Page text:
Power “’ will the lights
stay on in the event
of an Eskom strike?
Johannesburg, South Africa — ESI-AFRICA.COM — 08 September 2011 – South Africa’s National Union of Mineworkers (NUM) has conceded that wage talks with state-run national power utility Eskom Holdings have failed, and the union says that it is now preparing to strike.

“The talks have collapsed, we are now preparing to go on strike,” said NUM spokesman Lesiba Seshoka. Reuters reports that if a strike takes place and Eskom fails to keep the lights on, it could have a crippling impact on the world’s largest platinum producer and could hobble a fragile economic recovery.

The NUM said it was demanding a 13% wage increase while Eskom “’ which supplies virtually all of the power to the country “’ is offering 7%. Inflation is currently running at 5.3% .

The official mediator, the Commission for Conciliation, Mediation and Arbitration (CCMA), last night issued what is called a certificate of non-resolution to the NUM and two other unions in the Eskom talks. The NUM, with about 16,000 members at Eskom, is the biggest of the three unions bargaining with the utility.

The issue of this certificate is a necessary step toward legal strike action in South Africa.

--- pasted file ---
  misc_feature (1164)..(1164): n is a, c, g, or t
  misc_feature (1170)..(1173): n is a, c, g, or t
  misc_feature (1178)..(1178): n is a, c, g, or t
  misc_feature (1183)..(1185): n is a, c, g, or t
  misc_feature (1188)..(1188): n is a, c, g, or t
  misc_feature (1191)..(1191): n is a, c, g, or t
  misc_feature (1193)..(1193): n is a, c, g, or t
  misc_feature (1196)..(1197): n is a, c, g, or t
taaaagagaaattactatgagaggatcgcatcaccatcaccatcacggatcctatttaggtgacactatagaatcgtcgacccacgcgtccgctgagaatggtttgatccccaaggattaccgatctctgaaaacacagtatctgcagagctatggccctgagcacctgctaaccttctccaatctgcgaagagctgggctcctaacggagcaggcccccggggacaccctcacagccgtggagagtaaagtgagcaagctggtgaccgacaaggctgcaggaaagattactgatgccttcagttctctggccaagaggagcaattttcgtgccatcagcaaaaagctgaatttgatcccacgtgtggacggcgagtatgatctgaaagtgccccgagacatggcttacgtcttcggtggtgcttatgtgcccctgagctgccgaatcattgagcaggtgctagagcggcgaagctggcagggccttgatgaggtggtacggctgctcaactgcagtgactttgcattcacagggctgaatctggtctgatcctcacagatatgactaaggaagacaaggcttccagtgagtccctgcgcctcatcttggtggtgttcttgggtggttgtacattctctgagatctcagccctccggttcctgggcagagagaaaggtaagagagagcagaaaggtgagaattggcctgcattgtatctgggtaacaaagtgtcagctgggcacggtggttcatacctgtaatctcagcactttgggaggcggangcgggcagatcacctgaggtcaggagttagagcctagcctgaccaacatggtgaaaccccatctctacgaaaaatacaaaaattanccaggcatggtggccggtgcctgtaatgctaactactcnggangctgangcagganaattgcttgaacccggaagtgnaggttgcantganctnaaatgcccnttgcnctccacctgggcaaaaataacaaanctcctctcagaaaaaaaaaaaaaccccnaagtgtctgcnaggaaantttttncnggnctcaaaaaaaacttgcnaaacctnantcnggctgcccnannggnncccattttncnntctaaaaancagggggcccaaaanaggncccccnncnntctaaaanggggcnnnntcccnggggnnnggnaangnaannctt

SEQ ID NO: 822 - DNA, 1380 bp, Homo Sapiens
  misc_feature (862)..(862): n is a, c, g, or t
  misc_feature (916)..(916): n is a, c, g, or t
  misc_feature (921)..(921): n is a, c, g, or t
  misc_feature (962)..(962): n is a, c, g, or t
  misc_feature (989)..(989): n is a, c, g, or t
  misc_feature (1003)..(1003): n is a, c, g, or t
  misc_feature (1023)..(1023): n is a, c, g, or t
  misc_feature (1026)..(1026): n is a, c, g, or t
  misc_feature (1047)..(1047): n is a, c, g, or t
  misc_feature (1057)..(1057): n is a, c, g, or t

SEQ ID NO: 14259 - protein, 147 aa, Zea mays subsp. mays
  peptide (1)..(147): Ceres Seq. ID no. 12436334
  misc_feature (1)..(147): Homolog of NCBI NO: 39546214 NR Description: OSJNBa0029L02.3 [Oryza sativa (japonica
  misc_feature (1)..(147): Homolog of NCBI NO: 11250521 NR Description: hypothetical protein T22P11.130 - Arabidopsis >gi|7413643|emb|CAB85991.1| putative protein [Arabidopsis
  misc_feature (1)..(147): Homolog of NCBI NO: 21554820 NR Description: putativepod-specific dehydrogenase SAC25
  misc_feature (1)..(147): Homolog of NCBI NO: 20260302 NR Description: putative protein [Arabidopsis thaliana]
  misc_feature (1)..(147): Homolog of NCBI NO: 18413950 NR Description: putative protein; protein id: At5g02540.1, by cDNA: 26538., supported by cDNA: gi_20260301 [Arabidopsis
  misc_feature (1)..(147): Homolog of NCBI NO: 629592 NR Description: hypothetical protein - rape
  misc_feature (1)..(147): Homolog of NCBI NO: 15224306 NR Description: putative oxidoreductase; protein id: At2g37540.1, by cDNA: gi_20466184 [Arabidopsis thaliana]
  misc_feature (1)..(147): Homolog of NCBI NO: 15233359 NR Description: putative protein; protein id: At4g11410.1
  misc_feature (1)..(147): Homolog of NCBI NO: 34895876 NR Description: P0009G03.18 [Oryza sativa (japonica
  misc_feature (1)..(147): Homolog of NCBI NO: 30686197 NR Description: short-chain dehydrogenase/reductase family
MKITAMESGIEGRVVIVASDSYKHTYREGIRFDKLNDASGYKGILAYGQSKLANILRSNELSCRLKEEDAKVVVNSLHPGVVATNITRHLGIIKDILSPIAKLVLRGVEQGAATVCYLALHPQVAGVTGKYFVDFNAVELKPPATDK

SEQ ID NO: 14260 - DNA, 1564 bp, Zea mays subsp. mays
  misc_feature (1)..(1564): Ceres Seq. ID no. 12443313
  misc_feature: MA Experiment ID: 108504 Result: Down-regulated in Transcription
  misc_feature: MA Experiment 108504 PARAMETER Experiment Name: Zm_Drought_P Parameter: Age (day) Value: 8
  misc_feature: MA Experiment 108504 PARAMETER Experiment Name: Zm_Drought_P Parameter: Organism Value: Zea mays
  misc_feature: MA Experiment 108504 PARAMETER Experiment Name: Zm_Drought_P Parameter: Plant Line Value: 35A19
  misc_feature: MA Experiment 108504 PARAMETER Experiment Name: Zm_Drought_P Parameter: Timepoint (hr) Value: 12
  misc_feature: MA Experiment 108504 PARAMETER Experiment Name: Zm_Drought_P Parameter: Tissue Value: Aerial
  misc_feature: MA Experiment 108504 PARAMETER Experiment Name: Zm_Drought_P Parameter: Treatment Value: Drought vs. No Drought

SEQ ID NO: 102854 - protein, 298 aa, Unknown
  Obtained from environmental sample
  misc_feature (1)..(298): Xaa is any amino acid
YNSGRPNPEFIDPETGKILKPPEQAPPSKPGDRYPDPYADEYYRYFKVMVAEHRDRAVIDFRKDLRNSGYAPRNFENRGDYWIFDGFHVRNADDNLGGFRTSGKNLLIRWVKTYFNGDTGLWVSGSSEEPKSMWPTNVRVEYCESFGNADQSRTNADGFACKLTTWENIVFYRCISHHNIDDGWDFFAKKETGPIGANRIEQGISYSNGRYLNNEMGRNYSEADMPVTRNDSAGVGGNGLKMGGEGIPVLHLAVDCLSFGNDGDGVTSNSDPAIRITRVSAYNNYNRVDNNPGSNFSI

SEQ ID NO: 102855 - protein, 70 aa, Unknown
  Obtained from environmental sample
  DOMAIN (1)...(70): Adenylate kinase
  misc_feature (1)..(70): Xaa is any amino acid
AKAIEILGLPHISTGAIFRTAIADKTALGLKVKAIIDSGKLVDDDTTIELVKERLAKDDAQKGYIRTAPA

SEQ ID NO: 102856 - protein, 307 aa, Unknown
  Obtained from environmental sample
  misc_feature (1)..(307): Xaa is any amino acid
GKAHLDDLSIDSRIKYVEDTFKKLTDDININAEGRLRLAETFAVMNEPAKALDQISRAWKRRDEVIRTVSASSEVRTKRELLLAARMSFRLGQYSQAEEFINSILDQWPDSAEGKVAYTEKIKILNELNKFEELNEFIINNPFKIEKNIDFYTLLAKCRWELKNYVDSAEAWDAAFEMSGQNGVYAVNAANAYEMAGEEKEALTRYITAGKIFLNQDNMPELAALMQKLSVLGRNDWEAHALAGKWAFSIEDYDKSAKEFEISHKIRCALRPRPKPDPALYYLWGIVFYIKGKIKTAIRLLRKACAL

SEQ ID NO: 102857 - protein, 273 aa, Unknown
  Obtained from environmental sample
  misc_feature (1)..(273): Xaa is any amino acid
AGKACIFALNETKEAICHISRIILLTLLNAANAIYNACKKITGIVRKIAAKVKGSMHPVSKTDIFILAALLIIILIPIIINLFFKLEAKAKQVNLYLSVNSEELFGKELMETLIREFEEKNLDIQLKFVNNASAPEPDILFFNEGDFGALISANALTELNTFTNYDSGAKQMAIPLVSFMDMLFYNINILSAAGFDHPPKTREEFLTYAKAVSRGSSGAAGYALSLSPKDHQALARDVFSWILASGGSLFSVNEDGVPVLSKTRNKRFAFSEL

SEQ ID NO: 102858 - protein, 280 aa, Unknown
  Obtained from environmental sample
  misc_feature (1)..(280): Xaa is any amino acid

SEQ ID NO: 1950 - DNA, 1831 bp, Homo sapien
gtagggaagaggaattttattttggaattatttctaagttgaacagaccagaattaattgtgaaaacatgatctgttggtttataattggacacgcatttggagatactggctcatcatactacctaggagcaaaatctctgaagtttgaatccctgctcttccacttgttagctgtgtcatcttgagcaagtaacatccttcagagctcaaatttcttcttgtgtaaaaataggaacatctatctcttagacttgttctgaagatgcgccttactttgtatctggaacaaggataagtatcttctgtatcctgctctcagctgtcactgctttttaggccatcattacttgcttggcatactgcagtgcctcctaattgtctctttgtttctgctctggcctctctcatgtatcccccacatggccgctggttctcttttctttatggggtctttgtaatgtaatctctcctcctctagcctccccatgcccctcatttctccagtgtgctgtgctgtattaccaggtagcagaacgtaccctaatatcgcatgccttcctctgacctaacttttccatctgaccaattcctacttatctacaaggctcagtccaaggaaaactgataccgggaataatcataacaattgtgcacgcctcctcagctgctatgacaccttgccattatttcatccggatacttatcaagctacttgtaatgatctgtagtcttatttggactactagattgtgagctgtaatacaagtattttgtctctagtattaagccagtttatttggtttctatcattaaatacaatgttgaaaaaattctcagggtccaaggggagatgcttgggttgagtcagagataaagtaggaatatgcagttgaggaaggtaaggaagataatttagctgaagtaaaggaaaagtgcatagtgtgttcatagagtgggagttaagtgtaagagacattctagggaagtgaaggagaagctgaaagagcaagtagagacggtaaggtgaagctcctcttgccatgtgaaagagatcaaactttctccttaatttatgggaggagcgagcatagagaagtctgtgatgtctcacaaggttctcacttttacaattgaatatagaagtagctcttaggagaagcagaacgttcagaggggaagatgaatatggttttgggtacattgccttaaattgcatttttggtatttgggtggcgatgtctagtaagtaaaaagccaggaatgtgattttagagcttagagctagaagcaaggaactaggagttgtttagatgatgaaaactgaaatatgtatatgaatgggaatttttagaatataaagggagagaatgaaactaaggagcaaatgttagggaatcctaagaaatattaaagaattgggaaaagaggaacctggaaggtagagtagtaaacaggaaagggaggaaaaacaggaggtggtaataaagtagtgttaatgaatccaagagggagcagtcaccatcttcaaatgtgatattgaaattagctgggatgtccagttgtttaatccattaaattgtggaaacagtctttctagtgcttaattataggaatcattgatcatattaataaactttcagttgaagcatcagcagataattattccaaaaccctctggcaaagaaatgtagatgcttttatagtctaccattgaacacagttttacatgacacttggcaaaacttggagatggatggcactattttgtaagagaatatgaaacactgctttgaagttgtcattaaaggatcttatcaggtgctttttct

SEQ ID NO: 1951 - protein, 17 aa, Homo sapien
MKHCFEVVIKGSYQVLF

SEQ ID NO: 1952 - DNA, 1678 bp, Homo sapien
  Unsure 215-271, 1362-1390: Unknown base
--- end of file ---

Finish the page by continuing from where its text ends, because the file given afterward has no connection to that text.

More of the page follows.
The NUM said in a statement that the CCMA had suggested arbitration as the next step, but the union did not want to take this route. “We don’t want to go to arbitration, that drags things out … it is up to us to go on strike now,” Seshoka said.

Eskom has maintained in the past that any strike against it would be illegal because it provides an essential service.

The unions have been angered by what they say was an attempt by Eskom to unilaterally impose the 7% hike. But Eskom maintains that if the increases were not implemented in the September pay roll then workers would have to wait until November to get any raise because of an upgrade to the system which will take place in October.

Eskom is already battling with tight supplies and wants to keep a lid on its own costs as it hikes its rates and seeks to build new plants to avoid looming power crunches.